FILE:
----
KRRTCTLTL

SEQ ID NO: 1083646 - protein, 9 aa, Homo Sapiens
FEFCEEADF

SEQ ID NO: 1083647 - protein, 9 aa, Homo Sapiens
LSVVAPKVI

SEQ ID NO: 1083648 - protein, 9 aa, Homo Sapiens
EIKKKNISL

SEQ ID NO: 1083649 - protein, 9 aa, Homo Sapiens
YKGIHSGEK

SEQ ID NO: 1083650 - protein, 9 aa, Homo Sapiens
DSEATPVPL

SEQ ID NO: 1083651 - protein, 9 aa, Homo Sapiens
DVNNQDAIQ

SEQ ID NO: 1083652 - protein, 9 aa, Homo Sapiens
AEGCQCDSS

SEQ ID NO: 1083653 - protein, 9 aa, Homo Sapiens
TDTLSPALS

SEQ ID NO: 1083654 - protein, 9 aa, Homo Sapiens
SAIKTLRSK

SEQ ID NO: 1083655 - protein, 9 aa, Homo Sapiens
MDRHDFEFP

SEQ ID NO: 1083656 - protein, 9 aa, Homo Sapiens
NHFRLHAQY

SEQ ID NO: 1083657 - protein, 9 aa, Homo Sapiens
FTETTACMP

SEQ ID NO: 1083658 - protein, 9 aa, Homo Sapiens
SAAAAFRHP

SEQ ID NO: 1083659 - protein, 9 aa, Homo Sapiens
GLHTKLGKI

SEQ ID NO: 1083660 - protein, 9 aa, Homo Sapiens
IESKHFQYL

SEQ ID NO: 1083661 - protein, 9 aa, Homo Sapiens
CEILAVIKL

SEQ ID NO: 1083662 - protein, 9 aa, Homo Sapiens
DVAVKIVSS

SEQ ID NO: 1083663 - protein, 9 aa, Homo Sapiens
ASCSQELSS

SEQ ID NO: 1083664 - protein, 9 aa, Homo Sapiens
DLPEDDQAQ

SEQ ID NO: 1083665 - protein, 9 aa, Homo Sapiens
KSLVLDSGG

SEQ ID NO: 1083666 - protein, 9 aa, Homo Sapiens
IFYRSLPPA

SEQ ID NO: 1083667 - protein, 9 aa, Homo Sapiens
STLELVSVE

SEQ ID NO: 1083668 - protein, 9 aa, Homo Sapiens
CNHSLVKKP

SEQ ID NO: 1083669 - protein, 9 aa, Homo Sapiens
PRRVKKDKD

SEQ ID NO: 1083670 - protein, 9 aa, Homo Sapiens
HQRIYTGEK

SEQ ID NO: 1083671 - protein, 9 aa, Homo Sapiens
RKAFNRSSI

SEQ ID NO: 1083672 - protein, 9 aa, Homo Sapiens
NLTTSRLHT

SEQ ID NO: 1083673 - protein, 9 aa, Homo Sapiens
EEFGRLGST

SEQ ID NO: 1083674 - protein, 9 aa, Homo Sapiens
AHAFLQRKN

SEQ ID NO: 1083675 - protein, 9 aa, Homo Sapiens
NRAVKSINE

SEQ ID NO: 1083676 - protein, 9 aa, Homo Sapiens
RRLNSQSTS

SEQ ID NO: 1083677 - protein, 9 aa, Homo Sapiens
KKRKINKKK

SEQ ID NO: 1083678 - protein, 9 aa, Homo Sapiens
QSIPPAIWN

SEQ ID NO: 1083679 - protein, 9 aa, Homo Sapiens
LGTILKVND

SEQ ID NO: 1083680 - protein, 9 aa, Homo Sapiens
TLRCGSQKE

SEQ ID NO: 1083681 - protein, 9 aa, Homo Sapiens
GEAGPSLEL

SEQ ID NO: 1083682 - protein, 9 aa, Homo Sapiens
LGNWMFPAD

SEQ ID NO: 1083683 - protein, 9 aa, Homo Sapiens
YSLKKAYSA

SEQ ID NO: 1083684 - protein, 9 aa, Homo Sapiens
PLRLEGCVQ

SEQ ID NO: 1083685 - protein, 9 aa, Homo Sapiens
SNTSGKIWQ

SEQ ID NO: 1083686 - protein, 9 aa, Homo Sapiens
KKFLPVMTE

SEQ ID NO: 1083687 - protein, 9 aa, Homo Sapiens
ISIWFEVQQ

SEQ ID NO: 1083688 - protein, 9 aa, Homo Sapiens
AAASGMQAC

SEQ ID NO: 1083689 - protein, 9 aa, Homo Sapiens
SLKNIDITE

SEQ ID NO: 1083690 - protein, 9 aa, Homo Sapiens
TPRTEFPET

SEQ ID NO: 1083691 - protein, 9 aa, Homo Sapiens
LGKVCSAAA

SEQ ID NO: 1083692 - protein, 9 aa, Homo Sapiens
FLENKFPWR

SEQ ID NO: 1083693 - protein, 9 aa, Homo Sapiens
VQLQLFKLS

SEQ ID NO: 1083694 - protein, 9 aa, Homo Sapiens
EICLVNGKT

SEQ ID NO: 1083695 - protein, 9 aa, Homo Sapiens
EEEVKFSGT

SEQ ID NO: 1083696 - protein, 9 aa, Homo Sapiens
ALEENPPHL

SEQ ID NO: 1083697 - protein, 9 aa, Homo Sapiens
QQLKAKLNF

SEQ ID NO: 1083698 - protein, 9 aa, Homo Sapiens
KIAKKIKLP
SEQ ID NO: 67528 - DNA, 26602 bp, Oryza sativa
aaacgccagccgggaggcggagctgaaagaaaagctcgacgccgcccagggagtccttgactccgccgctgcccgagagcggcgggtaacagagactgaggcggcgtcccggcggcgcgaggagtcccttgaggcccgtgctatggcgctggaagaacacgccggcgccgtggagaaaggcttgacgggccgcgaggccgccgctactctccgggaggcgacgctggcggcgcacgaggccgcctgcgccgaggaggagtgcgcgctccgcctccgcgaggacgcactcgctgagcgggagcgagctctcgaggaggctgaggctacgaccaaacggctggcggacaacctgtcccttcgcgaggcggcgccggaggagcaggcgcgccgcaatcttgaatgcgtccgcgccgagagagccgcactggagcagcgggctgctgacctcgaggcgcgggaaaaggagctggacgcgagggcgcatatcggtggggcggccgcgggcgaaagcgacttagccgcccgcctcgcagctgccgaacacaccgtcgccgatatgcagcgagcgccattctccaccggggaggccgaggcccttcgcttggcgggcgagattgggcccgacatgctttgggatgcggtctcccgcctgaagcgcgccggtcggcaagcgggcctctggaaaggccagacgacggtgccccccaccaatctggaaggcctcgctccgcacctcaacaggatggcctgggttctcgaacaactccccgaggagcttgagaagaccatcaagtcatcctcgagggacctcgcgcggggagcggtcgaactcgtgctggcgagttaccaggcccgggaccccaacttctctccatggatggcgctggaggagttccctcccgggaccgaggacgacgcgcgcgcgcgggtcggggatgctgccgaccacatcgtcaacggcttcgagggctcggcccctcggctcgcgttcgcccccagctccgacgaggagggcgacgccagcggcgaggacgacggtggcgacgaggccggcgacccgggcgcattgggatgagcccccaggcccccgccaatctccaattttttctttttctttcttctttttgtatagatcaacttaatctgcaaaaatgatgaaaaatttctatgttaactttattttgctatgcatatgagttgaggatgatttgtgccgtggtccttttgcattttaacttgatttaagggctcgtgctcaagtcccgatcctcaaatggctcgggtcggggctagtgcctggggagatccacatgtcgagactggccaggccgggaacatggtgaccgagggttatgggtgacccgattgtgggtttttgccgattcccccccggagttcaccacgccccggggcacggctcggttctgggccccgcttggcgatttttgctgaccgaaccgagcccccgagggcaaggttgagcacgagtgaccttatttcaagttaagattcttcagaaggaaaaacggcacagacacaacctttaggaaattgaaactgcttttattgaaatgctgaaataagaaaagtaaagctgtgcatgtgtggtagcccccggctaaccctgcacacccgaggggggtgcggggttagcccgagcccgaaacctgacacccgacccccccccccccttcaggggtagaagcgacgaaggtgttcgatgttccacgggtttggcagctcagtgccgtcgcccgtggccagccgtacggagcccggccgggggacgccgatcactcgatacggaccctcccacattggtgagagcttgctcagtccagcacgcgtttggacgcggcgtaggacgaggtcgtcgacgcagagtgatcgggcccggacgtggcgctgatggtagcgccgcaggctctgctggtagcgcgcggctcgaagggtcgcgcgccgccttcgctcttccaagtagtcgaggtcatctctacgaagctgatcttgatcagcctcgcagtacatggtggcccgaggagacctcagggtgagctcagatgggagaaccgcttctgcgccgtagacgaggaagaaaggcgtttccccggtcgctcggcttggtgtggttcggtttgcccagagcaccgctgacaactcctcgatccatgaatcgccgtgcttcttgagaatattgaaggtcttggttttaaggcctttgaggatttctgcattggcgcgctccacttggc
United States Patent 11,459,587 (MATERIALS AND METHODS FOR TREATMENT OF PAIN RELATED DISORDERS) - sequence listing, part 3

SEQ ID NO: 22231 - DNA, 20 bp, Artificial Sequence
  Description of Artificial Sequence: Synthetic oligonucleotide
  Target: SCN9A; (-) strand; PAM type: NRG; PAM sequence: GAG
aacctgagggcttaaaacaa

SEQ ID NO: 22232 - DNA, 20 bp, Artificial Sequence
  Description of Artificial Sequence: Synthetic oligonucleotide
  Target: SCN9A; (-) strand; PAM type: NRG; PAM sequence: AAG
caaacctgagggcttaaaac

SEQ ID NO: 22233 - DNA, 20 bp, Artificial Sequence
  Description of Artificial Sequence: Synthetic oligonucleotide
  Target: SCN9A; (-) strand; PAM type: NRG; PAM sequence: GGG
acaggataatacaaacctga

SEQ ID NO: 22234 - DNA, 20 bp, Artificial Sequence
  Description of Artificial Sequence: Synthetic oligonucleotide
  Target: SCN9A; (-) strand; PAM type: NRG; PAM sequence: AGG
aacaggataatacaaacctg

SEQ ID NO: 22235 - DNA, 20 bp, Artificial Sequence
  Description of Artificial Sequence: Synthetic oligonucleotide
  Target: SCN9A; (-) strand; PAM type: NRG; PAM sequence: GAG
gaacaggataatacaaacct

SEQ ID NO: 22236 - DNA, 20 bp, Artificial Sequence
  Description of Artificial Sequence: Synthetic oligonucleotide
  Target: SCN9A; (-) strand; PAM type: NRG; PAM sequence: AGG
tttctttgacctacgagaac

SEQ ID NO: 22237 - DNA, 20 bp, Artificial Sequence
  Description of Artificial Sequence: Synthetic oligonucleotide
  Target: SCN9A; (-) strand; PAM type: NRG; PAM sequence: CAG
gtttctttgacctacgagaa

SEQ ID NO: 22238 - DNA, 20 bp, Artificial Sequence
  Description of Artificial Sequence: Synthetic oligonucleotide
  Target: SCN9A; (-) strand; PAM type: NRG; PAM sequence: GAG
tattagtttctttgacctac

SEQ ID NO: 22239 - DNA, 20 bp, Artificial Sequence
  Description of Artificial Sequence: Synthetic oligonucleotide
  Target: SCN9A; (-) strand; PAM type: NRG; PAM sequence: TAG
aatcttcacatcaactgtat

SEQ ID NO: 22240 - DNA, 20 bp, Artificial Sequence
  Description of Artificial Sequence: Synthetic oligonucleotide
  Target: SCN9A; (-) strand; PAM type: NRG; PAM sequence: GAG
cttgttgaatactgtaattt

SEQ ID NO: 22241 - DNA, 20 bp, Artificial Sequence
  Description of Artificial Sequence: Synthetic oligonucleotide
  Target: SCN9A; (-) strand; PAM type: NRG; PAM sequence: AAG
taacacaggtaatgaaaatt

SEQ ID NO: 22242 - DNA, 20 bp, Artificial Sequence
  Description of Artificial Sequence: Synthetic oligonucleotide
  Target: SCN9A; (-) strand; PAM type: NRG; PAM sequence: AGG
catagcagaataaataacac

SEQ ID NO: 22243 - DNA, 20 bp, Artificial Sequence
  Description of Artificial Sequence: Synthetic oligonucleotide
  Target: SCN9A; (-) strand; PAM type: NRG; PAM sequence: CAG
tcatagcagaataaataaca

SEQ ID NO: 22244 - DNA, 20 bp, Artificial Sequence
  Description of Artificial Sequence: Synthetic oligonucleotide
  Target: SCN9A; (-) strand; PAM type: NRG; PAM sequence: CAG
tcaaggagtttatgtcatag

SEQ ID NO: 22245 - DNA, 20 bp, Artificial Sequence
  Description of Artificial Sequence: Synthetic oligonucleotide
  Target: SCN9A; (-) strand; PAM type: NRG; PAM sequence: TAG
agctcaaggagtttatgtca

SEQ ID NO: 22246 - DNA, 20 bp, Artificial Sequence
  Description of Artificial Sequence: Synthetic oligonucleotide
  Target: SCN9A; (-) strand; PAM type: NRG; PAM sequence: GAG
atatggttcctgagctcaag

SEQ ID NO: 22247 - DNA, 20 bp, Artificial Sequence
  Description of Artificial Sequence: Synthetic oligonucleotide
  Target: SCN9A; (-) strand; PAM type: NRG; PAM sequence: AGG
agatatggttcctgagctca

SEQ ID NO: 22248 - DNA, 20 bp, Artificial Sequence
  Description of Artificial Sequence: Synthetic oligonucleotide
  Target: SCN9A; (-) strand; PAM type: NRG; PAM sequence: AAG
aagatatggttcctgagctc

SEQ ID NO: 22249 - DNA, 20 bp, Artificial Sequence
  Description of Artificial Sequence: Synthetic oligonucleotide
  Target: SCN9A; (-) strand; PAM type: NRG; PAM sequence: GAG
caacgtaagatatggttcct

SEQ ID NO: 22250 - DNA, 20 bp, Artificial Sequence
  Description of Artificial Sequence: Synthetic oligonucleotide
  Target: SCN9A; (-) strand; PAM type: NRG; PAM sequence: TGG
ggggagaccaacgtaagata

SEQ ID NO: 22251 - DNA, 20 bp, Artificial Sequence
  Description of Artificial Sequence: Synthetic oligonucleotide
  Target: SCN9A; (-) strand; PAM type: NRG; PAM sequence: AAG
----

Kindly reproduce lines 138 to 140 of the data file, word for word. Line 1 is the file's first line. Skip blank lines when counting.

gtttctttgacctacgagaa

SEQ ID NO: 22238 - DNA, 20 bp, Artificial Sequence
  Description of Artificial Sequence: Synthetic oligonucleotide